Throughout the training process, monitoring and evaluation are critical to gauge progress and identify potential pitfalls. Once satisfied with the model's performance, deployment considerations, such as computational requirements and ethical implications, come into play.
Training an AI model is not a linear path but a dynamic and iterative journey, demanding continuous learning, adaptation, and refinement to harness the true potential of artificial intelligence.
Evaluating model performance
When it comes to building an AI model, evaluating its performance is a critical step in ensuring its effectiveness and reliability. Several factors need to be considered to assess the model's performance accurately.
Firstly, it is essential to define appropriate evaluation metrics that align with the specific task and objectives of the model. These metrics can vary depending on the problem at hand, such as accuracy, precision, recall, F1 score, or area under the curve (AUC).
Secondly, the model should be tested on a diverse and representative dataset, which includes both training and validation sets, to gauge its generalization capabilities. Cross-validation techniques can also be employed to obtain more robust estimates of performance.
Furthermore, it is crucial to analyze the model's performance in different scenarios, such as variations in input data, changing trends, or unseen examples. This helps to identify potential limitations and areas for improvement.
Lastly, the model's performance should be compared with baseline models or existing solutions to determine its effectiveness and value-add. Iterative testing and evaluation are necessary to refine and optimize the model continually.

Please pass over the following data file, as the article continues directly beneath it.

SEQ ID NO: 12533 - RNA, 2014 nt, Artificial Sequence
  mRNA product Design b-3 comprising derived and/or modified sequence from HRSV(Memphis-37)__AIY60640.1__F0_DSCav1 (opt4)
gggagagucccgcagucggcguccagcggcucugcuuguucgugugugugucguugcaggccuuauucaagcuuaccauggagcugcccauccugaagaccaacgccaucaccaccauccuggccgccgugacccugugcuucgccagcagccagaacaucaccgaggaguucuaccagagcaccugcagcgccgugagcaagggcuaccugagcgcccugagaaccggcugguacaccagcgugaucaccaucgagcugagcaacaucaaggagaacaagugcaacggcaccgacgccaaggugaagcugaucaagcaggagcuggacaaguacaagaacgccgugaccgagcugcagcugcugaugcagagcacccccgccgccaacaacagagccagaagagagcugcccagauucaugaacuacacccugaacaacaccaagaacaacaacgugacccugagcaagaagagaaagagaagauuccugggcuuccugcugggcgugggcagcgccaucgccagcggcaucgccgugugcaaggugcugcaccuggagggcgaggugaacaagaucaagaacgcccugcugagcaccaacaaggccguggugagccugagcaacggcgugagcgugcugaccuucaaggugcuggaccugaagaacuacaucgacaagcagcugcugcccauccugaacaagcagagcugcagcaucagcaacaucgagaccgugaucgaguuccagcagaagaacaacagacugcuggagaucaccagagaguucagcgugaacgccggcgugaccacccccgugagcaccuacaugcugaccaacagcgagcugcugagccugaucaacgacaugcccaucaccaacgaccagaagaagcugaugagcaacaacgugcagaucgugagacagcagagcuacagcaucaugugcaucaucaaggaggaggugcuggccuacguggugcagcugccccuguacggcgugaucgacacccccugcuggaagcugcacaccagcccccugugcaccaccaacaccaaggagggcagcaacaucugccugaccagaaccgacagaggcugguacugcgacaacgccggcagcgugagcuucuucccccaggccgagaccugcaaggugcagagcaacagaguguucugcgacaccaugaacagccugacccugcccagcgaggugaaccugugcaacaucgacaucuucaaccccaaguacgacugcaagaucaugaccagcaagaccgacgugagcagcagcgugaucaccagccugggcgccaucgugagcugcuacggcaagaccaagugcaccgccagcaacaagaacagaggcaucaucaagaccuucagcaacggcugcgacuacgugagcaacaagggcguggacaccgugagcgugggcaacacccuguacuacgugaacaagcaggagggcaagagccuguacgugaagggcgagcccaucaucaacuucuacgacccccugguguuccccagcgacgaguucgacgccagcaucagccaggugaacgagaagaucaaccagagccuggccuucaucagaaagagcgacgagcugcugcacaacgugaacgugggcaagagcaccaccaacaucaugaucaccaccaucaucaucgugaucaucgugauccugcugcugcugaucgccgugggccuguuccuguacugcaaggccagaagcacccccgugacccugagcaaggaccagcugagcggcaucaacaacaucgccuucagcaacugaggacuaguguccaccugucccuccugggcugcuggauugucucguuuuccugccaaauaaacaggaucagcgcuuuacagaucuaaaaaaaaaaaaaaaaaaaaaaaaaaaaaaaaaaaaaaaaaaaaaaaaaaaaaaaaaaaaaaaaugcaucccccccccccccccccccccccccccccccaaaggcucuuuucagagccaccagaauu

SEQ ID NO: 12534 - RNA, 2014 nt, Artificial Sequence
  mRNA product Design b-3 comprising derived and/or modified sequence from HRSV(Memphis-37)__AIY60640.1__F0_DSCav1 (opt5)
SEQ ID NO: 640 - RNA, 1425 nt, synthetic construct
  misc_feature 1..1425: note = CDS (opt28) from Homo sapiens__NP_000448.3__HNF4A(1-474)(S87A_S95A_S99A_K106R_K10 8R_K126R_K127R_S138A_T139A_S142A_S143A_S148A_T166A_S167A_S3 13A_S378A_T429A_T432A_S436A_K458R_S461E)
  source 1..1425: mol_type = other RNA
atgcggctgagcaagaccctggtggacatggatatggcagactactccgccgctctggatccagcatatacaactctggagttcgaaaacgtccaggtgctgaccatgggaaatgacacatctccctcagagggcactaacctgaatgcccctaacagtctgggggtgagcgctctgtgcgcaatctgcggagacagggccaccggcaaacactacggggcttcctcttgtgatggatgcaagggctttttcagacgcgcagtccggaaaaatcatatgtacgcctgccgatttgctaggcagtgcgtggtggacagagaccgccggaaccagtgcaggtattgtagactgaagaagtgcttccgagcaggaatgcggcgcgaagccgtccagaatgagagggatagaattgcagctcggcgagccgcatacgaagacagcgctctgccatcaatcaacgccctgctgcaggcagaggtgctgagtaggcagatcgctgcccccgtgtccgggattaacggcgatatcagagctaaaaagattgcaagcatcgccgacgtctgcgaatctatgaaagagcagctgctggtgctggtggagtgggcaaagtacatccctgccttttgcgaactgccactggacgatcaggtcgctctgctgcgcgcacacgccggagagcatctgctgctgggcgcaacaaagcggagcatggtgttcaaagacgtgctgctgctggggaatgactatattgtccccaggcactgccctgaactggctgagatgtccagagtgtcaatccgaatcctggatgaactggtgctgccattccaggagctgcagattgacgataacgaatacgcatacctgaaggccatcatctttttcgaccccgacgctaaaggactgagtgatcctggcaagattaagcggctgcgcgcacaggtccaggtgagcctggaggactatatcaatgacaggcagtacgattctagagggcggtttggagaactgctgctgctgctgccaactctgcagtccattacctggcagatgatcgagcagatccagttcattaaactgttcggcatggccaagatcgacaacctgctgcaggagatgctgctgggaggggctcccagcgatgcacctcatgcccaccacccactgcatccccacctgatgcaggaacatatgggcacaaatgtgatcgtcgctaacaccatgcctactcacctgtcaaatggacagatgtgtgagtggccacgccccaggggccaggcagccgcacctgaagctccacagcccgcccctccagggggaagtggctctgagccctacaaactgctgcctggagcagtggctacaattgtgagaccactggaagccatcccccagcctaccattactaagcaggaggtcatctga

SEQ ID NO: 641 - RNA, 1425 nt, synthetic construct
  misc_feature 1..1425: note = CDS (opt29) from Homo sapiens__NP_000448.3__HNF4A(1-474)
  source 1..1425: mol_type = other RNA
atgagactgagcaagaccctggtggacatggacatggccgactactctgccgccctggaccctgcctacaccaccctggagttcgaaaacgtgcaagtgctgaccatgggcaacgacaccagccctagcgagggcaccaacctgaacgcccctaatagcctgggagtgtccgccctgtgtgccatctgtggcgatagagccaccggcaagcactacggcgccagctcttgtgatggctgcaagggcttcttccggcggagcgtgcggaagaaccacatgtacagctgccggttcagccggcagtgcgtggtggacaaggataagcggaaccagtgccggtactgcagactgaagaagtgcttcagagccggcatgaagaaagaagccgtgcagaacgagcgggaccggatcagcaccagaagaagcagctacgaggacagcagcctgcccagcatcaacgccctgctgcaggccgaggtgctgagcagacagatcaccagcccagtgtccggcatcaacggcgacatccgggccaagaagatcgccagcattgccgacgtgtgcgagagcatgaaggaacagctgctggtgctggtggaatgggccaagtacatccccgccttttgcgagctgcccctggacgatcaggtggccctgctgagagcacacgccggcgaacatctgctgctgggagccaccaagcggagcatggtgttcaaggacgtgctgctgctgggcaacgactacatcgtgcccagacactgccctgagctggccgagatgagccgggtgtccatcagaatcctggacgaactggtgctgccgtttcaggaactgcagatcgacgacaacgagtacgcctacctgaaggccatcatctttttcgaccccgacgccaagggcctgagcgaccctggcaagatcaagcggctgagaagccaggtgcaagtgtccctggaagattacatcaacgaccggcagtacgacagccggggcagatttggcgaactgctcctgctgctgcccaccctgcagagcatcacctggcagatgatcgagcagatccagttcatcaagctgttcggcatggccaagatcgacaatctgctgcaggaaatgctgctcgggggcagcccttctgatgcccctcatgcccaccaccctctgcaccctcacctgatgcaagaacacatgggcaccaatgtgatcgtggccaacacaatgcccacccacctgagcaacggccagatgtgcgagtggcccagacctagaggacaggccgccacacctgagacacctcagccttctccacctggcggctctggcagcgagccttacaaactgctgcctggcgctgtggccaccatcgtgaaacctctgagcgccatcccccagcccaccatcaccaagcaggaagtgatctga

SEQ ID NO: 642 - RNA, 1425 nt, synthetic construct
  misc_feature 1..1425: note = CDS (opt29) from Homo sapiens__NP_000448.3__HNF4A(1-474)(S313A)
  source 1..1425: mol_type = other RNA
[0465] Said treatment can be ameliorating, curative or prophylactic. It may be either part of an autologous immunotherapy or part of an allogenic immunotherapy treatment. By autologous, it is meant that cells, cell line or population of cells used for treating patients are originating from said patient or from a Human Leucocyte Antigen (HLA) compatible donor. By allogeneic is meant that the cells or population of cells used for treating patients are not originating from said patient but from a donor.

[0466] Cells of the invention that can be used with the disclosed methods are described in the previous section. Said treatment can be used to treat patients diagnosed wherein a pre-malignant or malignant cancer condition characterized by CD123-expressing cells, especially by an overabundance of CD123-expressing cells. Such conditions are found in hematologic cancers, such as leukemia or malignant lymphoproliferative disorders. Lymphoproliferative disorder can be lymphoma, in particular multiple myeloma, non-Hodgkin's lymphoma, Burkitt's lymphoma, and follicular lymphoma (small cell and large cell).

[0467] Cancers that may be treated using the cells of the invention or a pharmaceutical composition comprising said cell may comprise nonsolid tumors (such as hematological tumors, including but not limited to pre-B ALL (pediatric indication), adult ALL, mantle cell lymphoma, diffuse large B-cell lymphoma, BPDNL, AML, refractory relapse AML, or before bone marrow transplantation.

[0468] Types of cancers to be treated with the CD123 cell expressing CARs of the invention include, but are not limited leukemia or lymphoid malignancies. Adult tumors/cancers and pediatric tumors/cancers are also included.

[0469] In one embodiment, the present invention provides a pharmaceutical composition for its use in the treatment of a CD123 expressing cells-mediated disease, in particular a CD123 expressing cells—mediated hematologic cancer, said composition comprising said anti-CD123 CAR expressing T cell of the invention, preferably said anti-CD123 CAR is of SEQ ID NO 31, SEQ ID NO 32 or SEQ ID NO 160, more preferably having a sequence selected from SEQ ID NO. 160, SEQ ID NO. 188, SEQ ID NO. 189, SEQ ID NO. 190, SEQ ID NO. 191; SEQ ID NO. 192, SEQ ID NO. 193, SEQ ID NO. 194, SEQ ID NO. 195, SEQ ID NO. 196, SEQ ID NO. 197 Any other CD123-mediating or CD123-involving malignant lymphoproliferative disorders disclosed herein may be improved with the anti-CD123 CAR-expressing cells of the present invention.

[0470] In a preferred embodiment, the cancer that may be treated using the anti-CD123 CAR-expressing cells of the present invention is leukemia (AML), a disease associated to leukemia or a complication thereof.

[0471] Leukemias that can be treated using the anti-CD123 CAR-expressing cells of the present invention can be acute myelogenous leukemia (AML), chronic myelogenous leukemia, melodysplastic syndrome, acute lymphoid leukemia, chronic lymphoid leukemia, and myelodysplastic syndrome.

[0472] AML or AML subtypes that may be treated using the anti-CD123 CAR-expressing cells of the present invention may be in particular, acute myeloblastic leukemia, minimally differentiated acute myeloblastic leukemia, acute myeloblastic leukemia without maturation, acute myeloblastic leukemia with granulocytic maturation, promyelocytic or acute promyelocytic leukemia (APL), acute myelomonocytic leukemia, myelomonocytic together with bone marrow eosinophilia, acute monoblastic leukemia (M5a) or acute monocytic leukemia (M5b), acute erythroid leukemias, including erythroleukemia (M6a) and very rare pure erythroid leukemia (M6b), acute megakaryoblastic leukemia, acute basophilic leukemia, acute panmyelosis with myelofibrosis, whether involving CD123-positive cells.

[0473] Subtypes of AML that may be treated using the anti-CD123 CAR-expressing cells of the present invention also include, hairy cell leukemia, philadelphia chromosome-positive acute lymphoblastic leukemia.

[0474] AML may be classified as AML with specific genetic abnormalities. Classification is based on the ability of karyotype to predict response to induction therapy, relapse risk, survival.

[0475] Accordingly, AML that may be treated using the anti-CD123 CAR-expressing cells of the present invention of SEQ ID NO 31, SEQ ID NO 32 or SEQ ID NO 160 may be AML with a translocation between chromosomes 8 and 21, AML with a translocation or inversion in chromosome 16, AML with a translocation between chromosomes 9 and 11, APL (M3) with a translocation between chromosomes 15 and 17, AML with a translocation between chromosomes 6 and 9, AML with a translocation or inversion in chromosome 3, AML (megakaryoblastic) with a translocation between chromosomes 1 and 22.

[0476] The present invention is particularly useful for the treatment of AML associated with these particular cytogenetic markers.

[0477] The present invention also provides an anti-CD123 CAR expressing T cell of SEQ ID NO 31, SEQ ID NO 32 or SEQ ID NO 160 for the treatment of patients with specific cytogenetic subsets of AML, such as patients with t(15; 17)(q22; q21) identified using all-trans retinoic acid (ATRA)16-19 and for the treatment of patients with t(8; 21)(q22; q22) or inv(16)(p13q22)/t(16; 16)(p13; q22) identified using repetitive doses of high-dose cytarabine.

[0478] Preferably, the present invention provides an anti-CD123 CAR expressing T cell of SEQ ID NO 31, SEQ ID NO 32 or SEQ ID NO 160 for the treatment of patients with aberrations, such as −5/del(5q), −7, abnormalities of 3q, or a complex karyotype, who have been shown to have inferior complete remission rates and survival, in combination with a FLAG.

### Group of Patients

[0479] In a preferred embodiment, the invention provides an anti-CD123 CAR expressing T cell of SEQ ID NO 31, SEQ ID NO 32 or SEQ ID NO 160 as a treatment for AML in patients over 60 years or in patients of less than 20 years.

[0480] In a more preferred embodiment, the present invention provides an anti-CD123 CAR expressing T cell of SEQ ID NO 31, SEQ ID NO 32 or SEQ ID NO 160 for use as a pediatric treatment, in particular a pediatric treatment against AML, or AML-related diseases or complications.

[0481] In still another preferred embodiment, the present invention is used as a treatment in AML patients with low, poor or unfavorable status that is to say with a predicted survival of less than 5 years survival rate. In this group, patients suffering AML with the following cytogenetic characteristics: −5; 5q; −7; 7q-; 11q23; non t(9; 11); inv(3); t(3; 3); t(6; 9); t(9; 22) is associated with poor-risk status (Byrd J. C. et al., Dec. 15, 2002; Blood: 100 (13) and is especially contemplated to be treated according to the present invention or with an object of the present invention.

By following a comprehensive evaluation process, developers can gain insights into their AI model's strengths, weaknesses, and overall performance, leading to more reliable and accurate predictions or outcomes.
Tuning hyperparameters is a crucial aspect of building an AI model, as it directly influences the model's performance and generalization capabilities. It involves carefully selecting optimal values for various parameters that govern the learning process and behavior of the model.
The key to successful hyperparameter tuning lies in striking a delicate balance between underfitting and overfitting, maximizing accuracy while avoiding excessive complexity. It often requires a combination of domain knowledge, experimentation, and iterative refinement.
The process typically begins by identifying the most influential hyperparameters, such as learning rate, batch size, regularization strength, and network architecture. One commonly employed approach is to leverage grid search or random search techniques to explore different combinations of hyperparameter values.
This process can be time-consuming, as each combination needs to be evaluated through cross-validation or other evaluation metrics. However, the advent of automated hyperparameter optimization techniques, like Bayesian optimization or genetic algorithms, has accelerated this process by intelligently searching the hyperparameter space.
Fine-tuning hyperparameters involves assessing the model's performance and iteratively adjusting the values based on observed outcomes. This iterative process aims to improve the model's accuracy, convergence speed, and resistance to overfitting.